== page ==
New method of detecting TB treatment efficacy announced

Researchers at Colorado State University announced this week that they have received federal funding to measure molecules in urine to show within days instead of months if tuberculosis treatments are working on patients.

John Belisle, principal investigator for the grant, said that current TB treatments and clinical trials include three to four antibiotics to be taken for six months. Doctors in the past have had no way to know if the treatments were working until around two months into the treatment. The CSU tests, however, show drug effectiveness after two weeks.

Belisle said that the current test could potentially save precious time spent treating a tuberculosis patient with antibacterial combinations that aren’t effective against the strain of TB they actually have.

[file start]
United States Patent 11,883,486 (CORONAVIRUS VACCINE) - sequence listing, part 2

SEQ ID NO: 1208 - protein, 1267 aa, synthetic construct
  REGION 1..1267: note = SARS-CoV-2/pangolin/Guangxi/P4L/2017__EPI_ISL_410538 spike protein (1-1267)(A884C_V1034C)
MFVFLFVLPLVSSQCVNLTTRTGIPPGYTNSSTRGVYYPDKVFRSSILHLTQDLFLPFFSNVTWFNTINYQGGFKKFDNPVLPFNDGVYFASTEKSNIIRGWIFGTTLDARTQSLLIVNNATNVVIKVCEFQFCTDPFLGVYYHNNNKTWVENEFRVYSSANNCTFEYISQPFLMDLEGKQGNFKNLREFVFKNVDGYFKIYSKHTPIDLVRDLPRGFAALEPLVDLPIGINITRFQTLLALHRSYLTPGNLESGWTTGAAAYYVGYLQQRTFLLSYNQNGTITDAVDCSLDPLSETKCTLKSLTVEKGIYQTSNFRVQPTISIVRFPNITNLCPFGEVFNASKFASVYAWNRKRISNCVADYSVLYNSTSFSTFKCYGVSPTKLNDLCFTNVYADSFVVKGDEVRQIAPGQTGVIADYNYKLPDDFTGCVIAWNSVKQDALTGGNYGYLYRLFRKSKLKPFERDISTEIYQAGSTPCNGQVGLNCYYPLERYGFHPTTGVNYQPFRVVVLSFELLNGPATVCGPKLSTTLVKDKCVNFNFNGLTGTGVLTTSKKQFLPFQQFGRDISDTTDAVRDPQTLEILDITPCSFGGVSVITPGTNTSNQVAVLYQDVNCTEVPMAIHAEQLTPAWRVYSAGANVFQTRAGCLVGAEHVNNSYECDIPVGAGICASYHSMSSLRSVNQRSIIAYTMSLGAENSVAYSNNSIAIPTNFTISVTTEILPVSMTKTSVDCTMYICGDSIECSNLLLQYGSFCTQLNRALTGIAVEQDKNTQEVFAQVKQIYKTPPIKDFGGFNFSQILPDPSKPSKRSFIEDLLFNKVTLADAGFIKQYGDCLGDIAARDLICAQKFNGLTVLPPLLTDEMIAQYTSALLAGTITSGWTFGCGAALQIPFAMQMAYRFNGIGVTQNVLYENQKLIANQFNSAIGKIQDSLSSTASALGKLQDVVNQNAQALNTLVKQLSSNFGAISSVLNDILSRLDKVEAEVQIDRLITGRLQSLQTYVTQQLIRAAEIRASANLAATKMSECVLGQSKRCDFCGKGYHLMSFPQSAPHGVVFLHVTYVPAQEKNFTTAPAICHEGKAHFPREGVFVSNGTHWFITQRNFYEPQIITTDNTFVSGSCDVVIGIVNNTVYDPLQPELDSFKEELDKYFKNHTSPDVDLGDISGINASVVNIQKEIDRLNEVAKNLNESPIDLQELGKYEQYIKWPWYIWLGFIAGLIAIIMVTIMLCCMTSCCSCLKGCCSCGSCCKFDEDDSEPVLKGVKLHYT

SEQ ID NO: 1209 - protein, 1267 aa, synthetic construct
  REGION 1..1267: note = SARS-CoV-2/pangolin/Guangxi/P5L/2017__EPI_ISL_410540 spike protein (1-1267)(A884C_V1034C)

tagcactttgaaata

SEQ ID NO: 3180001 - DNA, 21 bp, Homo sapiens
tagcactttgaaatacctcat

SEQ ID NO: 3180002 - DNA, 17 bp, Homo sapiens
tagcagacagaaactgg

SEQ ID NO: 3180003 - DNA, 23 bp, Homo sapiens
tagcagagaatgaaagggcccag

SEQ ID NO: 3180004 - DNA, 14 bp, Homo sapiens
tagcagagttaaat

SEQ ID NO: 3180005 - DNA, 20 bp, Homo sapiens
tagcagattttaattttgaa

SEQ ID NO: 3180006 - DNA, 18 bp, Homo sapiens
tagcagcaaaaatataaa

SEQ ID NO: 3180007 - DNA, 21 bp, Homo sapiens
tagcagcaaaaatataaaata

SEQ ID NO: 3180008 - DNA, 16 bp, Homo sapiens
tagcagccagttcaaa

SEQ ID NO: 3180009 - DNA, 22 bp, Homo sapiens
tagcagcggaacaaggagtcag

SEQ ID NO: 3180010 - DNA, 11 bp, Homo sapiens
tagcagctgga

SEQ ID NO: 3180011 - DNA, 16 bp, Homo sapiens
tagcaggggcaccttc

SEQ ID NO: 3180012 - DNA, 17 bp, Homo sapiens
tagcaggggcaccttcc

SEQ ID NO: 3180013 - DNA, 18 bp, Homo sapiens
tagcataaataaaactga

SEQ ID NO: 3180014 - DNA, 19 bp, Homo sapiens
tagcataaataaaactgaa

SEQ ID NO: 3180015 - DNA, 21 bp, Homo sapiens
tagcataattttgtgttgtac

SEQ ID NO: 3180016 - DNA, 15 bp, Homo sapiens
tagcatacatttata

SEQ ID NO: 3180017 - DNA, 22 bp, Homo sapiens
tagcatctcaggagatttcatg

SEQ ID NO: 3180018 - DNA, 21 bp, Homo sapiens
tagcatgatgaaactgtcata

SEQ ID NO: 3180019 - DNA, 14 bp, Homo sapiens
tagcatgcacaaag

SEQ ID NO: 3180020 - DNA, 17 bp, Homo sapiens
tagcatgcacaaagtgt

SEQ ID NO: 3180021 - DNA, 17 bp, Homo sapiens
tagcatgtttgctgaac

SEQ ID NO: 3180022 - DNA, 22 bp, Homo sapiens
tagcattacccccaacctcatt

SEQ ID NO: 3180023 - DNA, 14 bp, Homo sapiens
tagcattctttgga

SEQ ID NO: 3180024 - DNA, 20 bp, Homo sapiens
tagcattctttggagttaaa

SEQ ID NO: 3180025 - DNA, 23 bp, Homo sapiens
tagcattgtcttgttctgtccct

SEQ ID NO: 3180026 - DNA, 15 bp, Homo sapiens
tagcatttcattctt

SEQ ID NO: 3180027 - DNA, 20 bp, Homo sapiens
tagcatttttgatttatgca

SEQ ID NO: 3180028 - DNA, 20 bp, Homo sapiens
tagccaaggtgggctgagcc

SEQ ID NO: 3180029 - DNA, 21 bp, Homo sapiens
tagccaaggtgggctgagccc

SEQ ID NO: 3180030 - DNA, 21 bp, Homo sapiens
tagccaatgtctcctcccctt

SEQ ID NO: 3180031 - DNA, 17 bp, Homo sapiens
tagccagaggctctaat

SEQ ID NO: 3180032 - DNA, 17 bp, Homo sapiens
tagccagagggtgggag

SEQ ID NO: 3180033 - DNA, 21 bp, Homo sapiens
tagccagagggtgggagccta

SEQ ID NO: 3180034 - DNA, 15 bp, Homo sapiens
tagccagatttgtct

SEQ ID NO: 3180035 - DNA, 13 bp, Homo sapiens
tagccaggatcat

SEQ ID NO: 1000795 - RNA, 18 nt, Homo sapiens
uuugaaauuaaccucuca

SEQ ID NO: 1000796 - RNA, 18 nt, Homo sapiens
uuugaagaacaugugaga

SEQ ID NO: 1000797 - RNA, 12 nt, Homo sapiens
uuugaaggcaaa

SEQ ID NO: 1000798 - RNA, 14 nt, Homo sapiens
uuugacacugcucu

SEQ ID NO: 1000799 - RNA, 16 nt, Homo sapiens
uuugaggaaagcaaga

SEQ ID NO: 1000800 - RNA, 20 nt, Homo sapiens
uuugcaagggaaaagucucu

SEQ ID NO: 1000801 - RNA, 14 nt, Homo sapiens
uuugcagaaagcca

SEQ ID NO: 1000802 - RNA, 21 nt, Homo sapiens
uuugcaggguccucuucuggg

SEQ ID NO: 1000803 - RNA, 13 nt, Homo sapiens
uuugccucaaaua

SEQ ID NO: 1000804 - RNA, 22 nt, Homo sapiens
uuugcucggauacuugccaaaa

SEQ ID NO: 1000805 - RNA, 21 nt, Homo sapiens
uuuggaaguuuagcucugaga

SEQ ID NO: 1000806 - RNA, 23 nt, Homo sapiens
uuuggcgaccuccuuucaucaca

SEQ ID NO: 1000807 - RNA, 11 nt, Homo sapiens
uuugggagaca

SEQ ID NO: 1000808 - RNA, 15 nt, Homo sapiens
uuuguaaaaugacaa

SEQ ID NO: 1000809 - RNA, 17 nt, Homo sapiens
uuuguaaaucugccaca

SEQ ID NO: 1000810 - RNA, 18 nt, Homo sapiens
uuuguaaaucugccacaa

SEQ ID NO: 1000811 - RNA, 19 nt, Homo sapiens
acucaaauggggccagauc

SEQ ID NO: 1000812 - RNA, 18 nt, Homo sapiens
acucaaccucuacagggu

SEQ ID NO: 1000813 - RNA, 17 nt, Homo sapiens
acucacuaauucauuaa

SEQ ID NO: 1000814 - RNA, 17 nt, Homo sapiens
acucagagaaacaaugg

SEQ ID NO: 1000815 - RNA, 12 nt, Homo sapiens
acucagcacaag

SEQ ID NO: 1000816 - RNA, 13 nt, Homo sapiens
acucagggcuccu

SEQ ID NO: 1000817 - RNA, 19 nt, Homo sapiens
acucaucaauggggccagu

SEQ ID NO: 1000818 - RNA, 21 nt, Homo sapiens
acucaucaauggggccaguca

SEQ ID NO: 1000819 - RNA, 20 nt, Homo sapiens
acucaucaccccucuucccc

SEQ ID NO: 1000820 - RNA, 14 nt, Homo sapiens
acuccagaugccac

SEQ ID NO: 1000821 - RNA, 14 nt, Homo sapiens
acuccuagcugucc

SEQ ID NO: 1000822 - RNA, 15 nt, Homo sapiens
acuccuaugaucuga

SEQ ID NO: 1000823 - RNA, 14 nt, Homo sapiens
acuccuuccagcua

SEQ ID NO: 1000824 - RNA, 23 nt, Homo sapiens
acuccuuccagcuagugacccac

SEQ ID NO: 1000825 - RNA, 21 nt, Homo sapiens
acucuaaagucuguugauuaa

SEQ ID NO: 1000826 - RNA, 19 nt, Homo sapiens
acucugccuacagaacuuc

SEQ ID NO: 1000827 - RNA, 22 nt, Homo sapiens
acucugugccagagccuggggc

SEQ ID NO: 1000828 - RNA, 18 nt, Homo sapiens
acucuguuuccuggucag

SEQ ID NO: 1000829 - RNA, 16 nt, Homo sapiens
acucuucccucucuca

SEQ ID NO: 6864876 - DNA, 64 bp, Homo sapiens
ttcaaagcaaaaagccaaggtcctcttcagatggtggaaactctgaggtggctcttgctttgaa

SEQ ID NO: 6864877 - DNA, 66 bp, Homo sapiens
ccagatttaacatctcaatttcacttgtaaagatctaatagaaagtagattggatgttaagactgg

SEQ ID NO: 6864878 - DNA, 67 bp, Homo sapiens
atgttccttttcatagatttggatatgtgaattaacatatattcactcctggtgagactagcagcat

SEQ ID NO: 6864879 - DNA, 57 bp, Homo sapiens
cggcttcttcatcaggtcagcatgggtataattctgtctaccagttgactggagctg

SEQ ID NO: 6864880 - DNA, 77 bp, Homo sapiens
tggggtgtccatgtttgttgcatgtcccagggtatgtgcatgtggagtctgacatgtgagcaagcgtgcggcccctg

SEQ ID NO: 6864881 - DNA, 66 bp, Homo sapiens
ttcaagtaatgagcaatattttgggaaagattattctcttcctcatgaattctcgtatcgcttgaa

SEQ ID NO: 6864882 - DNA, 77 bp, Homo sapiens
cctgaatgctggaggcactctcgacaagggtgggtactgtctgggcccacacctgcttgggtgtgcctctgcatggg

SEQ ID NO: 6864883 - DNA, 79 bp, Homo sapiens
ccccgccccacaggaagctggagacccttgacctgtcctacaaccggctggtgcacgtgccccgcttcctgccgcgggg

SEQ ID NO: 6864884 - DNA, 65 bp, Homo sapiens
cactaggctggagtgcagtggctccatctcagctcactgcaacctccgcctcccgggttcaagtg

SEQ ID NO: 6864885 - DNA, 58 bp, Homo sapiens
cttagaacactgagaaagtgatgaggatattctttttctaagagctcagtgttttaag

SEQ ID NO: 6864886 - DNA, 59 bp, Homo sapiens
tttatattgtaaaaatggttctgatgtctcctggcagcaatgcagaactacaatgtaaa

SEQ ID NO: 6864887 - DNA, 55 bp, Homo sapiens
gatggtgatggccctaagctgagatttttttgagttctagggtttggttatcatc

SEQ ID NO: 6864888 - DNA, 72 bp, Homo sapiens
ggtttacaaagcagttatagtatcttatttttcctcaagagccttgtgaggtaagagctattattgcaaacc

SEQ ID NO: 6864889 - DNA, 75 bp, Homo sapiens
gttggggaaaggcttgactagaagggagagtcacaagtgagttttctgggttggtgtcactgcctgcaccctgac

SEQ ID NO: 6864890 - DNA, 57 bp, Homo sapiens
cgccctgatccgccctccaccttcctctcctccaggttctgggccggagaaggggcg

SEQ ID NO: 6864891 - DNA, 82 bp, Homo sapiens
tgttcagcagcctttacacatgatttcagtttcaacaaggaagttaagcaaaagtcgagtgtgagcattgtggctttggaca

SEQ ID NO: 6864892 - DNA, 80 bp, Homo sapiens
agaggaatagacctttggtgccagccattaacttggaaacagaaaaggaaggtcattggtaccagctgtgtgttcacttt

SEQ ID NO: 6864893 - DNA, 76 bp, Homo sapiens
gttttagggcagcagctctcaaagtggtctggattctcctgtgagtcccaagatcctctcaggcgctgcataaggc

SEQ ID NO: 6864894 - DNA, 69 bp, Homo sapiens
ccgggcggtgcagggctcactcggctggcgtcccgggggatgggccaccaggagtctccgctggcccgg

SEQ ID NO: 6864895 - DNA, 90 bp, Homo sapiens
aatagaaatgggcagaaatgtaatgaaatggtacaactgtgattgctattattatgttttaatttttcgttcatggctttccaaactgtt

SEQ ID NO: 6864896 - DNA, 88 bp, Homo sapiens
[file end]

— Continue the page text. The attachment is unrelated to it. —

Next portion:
“We have identified a series of metabolites in the urine of tuberculosis patients that disappear or decrease in abundance when these individuals properly respond to anti-tuberculosis treatment,” Belisle said. “At this time, the earliest measure available to doctors to assess whether or not a drug is working during a clinical trial is through tests two months into a treatment.”

The college received nearly $500,000 from the U.S. Food and Drug Administration to continue studying the urine test so it can be used in clinical trials for new tuberculosis treatments. He said the funds will also help provide a test that can be used predict whether or not patients will redevelop tuberculosis after the treatment is completed.

According to WHO statistics, approximately 9 million people are infected with tuberculosis each year and 2 million die. Of the 9 million new cases each year, close to half a million are resistant to multiple drugs that once effectively treated the disease.